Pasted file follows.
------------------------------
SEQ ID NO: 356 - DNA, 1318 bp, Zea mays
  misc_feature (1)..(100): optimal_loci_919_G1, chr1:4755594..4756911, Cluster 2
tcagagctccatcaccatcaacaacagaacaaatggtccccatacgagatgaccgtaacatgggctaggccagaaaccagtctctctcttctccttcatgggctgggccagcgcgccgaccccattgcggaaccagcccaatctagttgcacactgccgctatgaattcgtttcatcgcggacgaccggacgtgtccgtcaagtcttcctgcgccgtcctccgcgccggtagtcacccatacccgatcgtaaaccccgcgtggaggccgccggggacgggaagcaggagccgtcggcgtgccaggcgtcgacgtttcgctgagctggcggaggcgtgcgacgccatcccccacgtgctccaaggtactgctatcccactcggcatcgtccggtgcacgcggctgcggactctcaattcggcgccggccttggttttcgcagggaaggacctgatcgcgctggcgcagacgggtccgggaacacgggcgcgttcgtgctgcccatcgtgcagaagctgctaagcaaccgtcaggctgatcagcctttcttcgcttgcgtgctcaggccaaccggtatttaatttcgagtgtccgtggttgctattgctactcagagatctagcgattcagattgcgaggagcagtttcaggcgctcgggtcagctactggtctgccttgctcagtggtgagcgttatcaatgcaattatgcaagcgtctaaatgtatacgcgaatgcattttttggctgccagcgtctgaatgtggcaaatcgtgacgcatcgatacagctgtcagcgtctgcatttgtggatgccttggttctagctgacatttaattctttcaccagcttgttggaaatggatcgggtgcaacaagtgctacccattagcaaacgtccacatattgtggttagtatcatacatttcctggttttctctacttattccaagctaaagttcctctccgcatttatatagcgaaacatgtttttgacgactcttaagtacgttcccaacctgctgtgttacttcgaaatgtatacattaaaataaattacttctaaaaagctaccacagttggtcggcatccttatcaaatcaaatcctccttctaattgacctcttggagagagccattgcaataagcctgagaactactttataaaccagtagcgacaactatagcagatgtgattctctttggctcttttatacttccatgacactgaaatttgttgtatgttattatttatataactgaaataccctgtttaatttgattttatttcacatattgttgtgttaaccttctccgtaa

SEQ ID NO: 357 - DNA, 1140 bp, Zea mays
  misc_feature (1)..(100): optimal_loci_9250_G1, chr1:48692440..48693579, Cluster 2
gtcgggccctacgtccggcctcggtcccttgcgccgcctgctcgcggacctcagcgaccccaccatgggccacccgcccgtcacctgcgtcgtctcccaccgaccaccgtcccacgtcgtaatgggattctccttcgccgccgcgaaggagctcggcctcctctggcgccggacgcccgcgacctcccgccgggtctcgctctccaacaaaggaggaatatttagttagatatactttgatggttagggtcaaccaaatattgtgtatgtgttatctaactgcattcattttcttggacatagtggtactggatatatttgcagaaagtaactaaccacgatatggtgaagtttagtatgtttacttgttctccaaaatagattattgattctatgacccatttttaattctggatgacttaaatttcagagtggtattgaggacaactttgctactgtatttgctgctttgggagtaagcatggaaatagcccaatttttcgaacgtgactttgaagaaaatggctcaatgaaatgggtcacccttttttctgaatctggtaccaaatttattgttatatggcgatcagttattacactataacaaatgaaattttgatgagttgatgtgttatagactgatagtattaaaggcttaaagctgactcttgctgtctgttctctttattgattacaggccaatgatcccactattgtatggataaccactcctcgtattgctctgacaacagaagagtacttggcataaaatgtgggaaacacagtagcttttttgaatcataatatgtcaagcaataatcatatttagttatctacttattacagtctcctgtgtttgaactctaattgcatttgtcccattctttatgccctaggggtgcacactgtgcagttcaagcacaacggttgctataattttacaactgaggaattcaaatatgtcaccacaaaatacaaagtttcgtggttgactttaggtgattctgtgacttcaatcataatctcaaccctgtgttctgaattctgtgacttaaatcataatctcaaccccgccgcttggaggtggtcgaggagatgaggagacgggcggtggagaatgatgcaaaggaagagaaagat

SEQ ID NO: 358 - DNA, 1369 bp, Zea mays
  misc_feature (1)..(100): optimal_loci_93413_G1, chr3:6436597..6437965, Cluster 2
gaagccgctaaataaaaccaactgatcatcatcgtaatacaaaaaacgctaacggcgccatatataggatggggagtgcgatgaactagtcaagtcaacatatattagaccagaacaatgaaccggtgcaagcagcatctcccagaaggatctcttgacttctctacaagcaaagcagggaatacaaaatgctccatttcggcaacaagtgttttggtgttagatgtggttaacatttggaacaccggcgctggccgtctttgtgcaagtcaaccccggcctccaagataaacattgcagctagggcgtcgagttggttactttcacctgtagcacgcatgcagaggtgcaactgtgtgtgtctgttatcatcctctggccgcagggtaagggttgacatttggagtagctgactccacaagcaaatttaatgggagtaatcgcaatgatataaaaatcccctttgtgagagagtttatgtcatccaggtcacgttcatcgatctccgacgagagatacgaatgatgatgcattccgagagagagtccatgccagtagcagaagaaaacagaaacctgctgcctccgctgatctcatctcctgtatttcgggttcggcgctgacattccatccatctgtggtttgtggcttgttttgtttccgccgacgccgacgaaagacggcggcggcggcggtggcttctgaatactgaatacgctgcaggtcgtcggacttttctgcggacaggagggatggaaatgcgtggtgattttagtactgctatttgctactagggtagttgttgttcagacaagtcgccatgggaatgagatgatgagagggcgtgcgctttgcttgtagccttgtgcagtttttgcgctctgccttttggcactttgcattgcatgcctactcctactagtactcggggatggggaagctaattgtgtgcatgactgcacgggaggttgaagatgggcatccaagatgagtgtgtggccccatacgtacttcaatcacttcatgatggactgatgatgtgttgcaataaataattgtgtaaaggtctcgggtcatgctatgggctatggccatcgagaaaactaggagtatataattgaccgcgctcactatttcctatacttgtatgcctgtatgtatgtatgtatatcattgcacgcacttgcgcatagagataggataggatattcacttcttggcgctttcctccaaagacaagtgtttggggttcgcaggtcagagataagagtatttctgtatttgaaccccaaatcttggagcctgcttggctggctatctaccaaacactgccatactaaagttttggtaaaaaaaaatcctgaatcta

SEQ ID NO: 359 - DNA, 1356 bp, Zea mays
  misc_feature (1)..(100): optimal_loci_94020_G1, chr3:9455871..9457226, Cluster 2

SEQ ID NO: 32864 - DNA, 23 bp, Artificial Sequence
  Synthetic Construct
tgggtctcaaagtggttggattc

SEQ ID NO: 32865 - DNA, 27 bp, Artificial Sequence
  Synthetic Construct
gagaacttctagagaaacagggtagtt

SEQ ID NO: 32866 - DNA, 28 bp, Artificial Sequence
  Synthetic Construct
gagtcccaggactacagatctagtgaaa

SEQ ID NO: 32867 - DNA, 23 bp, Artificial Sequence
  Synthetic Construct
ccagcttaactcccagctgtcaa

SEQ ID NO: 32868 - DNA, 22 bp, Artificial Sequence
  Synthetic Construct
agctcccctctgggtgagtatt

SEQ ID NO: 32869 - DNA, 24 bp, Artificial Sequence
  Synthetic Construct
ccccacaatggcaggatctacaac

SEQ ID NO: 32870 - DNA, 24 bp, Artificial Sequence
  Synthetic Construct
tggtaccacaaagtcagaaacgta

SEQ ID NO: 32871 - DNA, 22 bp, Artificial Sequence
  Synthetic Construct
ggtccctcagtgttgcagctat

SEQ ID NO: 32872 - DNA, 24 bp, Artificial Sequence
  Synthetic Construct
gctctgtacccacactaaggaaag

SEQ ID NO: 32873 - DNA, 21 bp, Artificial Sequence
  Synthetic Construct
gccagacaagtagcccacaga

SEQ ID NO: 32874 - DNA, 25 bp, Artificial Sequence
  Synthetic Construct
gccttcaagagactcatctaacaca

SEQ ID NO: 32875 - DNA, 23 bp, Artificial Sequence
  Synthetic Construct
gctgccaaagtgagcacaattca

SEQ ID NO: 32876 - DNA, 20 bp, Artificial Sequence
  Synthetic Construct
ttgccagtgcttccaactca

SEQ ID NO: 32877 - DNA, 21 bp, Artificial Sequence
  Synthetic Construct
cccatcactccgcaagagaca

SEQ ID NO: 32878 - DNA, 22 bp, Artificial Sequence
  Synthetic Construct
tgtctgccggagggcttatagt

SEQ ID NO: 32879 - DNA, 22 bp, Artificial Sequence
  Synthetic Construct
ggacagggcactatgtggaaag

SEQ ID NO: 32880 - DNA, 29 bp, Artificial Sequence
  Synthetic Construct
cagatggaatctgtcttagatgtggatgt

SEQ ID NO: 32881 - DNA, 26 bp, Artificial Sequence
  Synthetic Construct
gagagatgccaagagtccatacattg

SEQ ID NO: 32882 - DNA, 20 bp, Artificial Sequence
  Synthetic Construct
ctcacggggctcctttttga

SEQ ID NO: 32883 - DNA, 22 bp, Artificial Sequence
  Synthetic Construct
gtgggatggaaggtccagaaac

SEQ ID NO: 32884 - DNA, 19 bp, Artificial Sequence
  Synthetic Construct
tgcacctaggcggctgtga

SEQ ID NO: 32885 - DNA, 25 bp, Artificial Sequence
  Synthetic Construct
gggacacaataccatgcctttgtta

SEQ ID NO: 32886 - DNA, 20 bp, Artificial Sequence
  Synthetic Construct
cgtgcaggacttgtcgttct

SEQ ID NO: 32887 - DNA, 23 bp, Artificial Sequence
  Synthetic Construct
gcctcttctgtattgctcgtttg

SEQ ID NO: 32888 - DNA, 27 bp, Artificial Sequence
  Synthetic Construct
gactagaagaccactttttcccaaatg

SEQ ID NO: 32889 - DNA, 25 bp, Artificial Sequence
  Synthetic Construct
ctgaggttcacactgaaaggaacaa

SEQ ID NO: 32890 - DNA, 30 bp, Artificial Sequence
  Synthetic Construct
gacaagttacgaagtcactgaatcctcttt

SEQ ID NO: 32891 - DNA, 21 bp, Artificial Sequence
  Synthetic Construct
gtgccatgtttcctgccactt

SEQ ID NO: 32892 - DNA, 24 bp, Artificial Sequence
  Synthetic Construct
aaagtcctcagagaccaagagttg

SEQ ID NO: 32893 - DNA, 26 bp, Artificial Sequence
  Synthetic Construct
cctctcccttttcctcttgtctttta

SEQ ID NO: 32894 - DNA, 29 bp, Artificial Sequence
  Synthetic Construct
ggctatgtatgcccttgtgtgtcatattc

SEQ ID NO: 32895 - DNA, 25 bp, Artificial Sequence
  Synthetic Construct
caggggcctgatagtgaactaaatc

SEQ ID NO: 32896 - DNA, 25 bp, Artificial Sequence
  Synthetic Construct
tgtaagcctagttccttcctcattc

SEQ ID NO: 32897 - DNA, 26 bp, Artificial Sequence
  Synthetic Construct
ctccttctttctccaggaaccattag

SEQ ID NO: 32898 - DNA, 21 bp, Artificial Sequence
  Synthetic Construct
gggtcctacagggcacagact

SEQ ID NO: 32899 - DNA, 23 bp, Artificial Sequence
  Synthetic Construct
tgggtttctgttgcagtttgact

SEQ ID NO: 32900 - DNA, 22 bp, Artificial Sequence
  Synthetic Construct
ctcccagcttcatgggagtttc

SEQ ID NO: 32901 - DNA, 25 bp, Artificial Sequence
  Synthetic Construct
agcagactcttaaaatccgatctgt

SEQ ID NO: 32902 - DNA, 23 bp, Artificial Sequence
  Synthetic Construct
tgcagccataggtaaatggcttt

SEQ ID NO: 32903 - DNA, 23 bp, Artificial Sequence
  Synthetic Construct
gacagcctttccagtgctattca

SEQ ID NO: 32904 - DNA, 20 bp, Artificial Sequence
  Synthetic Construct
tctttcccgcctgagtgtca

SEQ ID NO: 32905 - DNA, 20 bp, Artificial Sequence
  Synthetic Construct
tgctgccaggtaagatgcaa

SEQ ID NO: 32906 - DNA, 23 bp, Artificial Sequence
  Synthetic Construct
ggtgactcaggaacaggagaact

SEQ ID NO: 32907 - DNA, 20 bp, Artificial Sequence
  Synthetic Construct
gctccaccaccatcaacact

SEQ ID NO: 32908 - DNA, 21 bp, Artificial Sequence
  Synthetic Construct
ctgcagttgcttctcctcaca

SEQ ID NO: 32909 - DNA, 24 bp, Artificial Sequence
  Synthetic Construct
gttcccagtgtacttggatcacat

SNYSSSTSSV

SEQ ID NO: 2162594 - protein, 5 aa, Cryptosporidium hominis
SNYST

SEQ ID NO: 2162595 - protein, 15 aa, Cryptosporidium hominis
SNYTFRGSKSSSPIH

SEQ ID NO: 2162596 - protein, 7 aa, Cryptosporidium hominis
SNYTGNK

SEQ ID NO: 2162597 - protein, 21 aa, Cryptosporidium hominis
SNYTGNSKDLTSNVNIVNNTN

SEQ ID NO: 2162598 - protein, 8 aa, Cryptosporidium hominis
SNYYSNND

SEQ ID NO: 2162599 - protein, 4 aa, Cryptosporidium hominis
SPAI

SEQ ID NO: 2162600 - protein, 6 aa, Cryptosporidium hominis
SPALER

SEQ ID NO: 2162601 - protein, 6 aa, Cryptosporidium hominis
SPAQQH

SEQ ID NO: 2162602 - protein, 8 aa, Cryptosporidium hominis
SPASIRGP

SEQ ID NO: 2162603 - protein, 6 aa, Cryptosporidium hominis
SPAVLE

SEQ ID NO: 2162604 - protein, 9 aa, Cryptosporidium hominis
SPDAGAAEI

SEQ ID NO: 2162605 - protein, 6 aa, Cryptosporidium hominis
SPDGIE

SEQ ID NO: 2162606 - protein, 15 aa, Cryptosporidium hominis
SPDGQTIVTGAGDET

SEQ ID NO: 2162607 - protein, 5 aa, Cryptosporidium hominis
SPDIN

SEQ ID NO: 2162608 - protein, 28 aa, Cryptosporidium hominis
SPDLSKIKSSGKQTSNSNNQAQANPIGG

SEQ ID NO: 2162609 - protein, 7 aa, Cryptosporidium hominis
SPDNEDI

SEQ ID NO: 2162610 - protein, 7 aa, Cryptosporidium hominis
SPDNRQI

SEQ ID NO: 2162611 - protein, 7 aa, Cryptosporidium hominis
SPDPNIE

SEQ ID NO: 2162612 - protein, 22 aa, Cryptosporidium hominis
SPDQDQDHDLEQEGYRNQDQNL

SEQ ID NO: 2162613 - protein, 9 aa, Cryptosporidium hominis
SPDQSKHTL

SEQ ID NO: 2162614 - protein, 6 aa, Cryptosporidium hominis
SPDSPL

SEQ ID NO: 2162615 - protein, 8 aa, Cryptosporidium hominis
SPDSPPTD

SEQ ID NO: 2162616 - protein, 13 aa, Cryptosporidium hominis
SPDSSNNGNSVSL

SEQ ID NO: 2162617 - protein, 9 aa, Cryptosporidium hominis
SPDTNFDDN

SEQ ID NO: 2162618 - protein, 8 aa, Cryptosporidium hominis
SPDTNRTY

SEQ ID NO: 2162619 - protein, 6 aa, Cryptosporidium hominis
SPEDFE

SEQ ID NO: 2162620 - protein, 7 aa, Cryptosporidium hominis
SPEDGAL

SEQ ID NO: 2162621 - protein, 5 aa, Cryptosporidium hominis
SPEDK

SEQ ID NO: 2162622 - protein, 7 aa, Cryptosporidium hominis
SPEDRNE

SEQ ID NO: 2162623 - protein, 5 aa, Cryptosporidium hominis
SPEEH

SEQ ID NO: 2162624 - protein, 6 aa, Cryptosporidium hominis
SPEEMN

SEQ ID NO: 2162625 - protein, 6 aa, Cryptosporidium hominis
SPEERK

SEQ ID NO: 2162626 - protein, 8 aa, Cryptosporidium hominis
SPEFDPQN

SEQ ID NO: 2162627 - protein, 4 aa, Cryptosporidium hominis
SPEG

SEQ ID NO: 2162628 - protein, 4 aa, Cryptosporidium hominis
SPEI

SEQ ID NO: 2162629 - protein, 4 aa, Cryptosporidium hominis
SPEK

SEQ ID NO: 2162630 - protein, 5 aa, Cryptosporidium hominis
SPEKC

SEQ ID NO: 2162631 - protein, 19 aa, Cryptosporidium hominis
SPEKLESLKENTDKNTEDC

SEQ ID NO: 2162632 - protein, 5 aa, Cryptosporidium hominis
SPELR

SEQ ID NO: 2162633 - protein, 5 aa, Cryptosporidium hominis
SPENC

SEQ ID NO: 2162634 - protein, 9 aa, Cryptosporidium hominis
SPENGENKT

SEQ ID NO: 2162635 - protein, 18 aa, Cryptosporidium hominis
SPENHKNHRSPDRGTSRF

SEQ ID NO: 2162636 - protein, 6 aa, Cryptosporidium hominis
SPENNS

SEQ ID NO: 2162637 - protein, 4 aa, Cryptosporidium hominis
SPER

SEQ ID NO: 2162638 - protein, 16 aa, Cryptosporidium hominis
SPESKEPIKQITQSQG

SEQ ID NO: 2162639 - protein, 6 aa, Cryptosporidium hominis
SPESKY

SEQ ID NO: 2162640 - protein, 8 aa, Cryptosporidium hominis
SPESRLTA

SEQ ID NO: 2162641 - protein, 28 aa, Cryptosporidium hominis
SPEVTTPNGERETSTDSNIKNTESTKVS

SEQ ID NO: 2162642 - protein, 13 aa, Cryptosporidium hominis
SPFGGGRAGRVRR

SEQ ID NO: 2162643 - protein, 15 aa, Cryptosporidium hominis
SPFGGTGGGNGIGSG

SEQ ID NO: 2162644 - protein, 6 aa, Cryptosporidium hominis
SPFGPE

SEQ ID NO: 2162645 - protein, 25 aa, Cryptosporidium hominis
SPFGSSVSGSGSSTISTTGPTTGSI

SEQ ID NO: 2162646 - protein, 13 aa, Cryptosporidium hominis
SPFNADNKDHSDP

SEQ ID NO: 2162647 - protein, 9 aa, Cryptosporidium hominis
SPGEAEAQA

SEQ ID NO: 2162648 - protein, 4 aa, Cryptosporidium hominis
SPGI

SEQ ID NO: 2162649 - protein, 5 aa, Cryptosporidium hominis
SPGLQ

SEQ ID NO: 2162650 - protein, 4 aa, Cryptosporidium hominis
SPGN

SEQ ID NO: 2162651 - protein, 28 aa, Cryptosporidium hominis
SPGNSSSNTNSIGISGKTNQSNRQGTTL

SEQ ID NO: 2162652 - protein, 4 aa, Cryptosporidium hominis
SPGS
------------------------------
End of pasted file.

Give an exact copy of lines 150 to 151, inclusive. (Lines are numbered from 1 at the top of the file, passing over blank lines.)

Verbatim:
SNYSSSTSSV

SEQ ID NO: 2162594 - protein, 5 aa, Cryptosporidium hominis